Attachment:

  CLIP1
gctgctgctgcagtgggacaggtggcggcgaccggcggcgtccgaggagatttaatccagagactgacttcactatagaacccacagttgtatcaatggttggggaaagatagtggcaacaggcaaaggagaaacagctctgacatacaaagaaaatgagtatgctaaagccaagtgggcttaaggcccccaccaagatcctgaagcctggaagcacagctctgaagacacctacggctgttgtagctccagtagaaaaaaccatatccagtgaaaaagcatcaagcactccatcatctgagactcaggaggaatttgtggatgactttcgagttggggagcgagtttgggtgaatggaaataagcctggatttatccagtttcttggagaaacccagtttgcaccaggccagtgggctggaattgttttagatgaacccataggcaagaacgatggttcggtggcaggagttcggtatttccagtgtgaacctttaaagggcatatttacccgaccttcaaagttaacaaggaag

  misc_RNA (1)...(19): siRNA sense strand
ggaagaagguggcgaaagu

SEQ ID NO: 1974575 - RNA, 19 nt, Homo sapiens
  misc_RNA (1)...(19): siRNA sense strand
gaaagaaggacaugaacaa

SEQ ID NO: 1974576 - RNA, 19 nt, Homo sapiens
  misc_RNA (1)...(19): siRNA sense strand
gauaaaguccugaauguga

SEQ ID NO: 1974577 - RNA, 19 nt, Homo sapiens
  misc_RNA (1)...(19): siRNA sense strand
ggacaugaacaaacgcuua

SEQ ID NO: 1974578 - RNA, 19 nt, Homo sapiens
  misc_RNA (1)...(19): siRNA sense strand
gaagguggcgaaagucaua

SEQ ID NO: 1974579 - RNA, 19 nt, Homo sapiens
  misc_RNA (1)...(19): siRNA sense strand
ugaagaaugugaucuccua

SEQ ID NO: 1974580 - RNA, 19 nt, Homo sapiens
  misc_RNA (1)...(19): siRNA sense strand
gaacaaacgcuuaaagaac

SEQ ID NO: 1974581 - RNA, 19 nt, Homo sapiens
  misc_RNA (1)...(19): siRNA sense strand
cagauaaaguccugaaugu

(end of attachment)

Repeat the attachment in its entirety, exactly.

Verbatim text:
  CLIP1
gctgctgctgcagtgggacaggtggcggcgaccggcggcgtccgaggagatttaatccagagactgacttcactatagaacccacagttgtatcaatggttggggaaagatagtggcaacaggcaaaggagaaacagctctgacatacaaagaaaatgagtatgctaaagccaagtgggcttaaggcccccaccaagatcctgaagcctggaagcacagctctgaagacacctacggctgttgtagctccagtagaaaaaaccatatccagtgaaaaagcatcaagcactccatcatctgagactcaggaggaatttgtggatgactttcgagttggggagcgagtttgggtgaatggaaataagcctggatttatccagtttcttggagaaacccagtttgcaccaggccagtgggctggaattgttttagatgaacccataggcaagaacgatggttcggtggcaggagttcggtatttccagtgtgaacctttaaagggcatatttacccgaccttcaaagttaacaaggaag

  misc_RNA (1)...(19): siRNA sense strand
ggaagaagguggcgaaagu

SEQ ID NO: 1974575 - RNA, 19 nt, Homo sapiens
  misc_RNA (1)...(19): siRNA sense strand
gaaagaaggacaugaacaa

SEQ ID NO: 1974576 - RNA, 19 nt, Homo sapiens
  misc_RNA (1)...(19): siRNA sense strand
gauaaaguccugaauguga

SEQ ID NO: 1974577 - RNA, 19 nt, Homo sapiens
  misc_RNA (1)...(19): siRNA sense strand
ggacaugaacaaacgcuua

SEQ ID NO: 1974578 - RNA, 19 nt, Homo sapiens
  misc_RNA (1)...(19): siRNA sense strand
gaagguggcgaaagucaua

SEQ ID NO: 1974579 - RNA, 19 nt, Homo sapiens
  misc_RNA (1)...(19): siRNA sense strand
ugaagaaugugaucuccua

SEQ ID NO: 1974580 - RNA, 19 nt, Homo sapiens
  misc_RNA (1)...(19): siRNA sense strand
gaacaaacgcuuaaagaac

SEQ ID NO: 1974581 - RNA, 19 nt, Homo sapiens
  misc_RNA (1)...(19): siRNA sense strand
cagauaaaguccugaaugu